17 Tips For A Great Press Interview

Press Interview

Giving a press interview is easy. It’s not like public speaking and it’s not like being cross-examined by Jeremy Paxman. Or at least, it shouldn’t be. A good interview is like a focused, directed conversation between two professionals. I used to be a freelance journalist and I still interview lots of people for my work, so these tips are based on more than 10 years’ experience on the other side of the interview.

1. Be yourself

Be concise and answer the question put to you. The more natural you sound, the better the interview.

2. Let the interviewer lead

If they seem to want you to talk more, talk more. If they sound impatient and keep interrupting, be more succinct.

3. Don’t talk too quickly

I have a theory that one reason why George Bush played so well in the American media is that he talks really slowly. There is some evidence to suggest that has psychological overtones of confidence and power. It also makes people listen harder. It gives you more time to think and the poor journalist more time to write notes.

4. Don’t be put off by tape recorders

Some interviewers use a tape recorder and work from the recording and some will write notes during the interview (I do both).

5. Agree an agenda and schedule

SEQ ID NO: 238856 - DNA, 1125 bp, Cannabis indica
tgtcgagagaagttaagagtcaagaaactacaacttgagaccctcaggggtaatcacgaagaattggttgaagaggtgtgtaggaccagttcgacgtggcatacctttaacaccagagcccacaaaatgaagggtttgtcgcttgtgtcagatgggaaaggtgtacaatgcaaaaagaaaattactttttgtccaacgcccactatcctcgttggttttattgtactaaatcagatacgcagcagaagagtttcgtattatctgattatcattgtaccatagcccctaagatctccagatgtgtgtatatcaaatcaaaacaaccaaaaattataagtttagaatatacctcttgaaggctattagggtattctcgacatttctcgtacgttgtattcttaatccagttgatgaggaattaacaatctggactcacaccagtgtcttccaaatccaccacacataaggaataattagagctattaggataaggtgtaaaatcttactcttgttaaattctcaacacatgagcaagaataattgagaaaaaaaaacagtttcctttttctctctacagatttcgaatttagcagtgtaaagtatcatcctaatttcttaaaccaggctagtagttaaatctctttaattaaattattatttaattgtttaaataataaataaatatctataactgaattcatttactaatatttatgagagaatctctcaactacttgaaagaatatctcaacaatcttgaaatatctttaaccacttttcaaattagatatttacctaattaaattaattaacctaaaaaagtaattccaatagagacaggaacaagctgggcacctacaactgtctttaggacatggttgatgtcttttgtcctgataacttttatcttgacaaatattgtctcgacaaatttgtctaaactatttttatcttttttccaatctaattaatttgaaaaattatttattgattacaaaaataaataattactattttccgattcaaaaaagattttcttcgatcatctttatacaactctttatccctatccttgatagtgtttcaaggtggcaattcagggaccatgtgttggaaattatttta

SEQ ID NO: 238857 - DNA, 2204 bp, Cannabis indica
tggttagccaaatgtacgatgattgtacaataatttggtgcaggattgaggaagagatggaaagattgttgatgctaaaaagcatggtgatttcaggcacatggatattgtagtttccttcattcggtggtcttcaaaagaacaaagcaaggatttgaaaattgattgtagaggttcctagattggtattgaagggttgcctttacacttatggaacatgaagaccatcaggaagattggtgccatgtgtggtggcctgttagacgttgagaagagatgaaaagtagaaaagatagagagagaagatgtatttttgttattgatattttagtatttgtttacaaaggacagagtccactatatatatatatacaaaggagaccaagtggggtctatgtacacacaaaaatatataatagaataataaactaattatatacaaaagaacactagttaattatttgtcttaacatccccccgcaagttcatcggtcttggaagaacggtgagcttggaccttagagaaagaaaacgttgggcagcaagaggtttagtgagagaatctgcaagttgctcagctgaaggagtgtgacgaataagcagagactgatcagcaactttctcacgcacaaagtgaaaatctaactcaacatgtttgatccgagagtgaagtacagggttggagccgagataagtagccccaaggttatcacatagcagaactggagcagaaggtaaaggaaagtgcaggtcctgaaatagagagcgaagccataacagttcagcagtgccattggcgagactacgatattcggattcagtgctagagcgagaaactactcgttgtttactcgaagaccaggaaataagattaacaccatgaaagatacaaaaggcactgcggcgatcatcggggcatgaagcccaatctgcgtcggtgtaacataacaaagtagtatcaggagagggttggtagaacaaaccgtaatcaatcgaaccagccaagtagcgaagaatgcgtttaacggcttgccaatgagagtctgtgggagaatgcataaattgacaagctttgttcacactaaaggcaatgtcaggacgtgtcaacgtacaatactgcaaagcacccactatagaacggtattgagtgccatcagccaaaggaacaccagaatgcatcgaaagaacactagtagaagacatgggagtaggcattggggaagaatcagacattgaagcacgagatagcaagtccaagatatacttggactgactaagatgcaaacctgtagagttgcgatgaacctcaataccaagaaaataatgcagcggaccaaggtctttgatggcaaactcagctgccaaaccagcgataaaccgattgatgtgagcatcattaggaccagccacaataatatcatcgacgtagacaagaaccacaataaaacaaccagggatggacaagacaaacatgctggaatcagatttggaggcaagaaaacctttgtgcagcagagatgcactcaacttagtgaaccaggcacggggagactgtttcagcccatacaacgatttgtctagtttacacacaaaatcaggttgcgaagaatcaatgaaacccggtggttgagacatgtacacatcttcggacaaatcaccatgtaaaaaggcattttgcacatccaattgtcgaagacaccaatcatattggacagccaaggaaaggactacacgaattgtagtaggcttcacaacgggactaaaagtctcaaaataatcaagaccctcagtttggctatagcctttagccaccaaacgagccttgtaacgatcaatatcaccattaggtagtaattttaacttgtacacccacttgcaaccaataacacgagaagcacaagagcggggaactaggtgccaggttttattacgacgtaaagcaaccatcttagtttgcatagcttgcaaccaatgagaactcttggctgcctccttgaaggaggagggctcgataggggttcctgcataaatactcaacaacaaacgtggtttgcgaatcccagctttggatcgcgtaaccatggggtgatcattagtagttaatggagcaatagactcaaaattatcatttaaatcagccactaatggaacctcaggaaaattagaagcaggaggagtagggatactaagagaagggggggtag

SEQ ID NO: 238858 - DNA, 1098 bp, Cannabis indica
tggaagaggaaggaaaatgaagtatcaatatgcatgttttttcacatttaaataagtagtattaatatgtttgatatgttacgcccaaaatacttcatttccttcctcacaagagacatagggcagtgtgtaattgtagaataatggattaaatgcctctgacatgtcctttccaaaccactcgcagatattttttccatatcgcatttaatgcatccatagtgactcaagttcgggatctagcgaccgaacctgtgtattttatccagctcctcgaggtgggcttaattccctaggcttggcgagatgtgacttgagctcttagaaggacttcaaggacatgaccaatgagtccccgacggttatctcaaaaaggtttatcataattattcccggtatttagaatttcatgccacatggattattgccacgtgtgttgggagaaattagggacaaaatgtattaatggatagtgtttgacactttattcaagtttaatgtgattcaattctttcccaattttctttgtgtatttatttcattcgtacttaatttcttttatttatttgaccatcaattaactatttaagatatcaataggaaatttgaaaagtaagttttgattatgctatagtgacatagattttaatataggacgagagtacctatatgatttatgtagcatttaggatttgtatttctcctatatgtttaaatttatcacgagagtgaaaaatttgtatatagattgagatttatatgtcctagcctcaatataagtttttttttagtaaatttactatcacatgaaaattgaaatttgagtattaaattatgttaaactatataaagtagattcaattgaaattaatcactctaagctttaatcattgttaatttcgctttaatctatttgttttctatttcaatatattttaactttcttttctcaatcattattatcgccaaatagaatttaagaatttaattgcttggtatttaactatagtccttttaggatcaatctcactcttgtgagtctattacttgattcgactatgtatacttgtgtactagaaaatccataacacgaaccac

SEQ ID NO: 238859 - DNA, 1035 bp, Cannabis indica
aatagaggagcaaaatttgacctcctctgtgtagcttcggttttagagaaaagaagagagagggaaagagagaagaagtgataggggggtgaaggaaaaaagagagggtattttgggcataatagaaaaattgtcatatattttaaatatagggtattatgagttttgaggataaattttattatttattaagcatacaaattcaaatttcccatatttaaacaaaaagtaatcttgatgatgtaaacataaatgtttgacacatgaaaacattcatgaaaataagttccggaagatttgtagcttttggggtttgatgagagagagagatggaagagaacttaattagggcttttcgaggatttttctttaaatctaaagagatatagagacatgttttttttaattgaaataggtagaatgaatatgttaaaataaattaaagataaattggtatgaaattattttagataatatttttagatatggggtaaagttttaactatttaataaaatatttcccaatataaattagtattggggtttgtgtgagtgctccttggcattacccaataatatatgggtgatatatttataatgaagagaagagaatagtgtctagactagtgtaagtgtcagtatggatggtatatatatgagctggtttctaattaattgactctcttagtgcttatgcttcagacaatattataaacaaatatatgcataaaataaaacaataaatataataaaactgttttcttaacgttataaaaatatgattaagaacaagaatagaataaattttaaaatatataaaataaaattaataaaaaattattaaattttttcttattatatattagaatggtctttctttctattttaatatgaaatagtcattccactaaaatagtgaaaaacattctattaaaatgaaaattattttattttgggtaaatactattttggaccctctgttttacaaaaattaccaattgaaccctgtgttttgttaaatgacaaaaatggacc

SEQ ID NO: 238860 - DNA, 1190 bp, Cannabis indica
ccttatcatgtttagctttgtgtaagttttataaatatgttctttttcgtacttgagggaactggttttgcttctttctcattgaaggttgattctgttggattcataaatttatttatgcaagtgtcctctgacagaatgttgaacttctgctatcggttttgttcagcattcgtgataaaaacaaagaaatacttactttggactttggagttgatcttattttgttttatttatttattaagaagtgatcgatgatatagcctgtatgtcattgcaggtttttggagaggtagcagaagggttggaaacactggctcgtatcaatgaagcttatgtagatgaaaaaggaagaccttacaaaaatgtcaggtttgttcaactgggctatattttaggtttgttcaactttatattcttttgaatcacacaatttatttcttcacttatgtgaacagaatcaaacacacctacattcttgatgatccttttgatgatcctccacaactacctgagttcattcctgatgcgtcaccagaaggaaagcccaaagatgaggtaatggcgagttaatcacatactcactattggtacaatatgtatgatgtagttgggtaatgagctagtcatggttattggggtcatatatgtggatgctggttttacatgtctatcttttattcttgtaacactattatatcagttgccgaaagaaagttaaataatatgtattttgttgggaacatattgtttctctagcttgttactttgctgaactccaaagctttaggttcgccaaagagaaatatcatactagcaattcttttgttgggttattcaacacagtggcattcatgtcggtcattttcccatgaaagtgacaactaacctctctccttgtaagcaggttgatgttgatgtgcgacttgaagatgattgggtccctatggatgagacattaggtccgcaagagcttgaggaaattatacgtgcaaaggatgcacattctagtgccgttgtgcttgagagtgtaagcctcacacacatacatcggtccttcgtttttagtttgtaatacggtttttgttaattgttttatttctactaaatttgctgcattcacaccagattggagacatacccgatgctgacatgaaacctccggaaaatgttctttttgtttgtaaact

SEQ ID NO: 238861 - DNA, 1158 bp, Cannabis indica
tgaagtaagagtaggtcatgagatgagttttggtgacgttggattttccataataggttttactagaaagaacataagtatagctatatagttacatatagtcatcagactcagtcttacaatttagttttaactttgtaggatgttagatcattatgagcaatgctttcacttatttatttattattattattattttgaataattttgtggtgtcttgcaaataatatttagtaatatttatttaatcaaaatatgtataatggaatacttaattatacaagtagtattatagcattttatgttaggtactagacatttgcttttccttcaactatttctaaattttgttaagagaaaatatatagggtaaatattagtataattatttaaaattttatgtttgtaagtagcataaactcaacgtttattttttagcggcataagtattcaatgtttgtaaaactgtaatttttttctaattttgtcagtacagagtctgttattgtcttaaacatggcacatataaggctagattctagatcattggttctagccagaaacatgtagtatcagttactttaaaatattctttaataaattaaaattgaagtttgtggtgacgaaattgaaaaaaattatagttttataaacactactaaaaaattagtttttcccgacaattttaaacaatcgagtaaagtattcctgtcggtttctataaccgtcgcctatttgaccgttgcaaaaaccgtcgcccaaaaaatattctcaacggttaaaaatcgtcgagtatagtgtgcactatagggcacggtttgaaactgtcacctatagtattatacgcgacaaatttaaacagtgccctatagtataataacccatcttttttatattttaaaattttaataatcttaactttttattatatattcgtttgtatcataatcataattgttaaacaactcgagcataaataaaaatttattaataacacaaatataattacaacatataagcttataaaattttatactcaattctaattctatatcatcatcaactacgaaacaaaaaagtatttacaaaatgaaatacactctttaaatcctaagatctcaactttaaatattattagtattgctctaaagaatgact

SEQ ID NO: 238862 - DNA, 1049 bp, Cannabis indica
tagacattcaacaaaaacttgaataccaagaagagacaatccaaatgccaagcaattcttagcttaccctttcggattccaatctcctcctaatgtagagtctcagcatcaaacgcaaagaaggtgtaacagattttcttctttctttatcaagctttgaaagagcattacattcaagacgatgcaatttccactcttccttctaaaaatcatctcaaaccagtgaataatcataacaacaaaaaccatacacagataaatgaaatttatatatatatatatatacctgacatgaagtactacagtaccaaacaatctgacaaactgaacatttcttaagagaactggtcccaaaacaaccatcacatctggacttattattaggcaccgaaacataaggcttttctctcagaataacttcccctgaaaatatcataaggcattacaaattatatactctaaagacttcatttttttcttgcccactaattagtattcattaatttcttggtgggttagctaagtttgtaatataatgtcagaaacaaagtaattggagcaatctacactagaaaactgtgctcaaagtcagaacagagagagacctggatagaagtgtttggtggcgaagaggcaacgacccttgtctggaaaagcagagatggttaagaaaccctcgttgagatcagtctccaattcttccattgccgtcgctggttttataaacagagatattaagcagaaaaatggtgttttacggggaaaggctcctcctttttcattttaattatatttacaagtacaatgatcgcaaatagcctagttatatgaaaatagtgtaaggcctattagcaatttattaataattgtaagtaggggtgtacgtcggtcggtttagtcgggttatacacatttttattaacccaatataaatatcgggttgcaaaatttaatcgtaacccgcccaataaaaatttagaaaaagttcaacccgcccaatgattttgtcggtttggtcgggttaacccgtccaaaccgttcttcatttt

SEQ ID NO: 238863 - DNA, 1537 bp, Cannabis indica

Agree at the beginning how long the interview will last and some kind of rough agenda so that you get through everything in the time available.

6. Don’t ask for questions in advance

It is reasonable to ask a journalist what sort of questions they may ask and what topics they want to cover when arranging the interview, but don’t ask for a list of questions in advance – they won’t have it and even if they do, they won’t send it to you. It’s not that they want to catch you out, it’s just that they want your answers to be fresh and spontaneous, not rehearsed.

7. Do your own research

Read the interviewer’s other work, Google them, read the magazine or newspaper the article will be published in. This is much more useful than preparing cod answers to cod questions.

8. Do think about what you would like to say

Think about the kinds of things you want to communicate and the sorts of questions you are going to get asked but don’t write prepared statements.

9. Remember what the interviewer wants

Usually they want three things: 1) a better understanding of the topic, 2) something new and interesting to say to their readers and 3) quotable quotes that will punctuate the story. If you don’t give them good, human quotes, they’ll make up Frankenquotes.

10. The interviewer is human

My best interviews come from a natural rapport with the interviewee. If they are defensive, it makes me defensive but if they are friendly, I am friendly. It’s just human nature. Part of my job is to put my victims at ease but I need something to work with.

11. Pick your time well

I am terrible before 10am and after about 5pm. Try to pick a time when you will be relaxed and ‘on form’.

12. Be accessible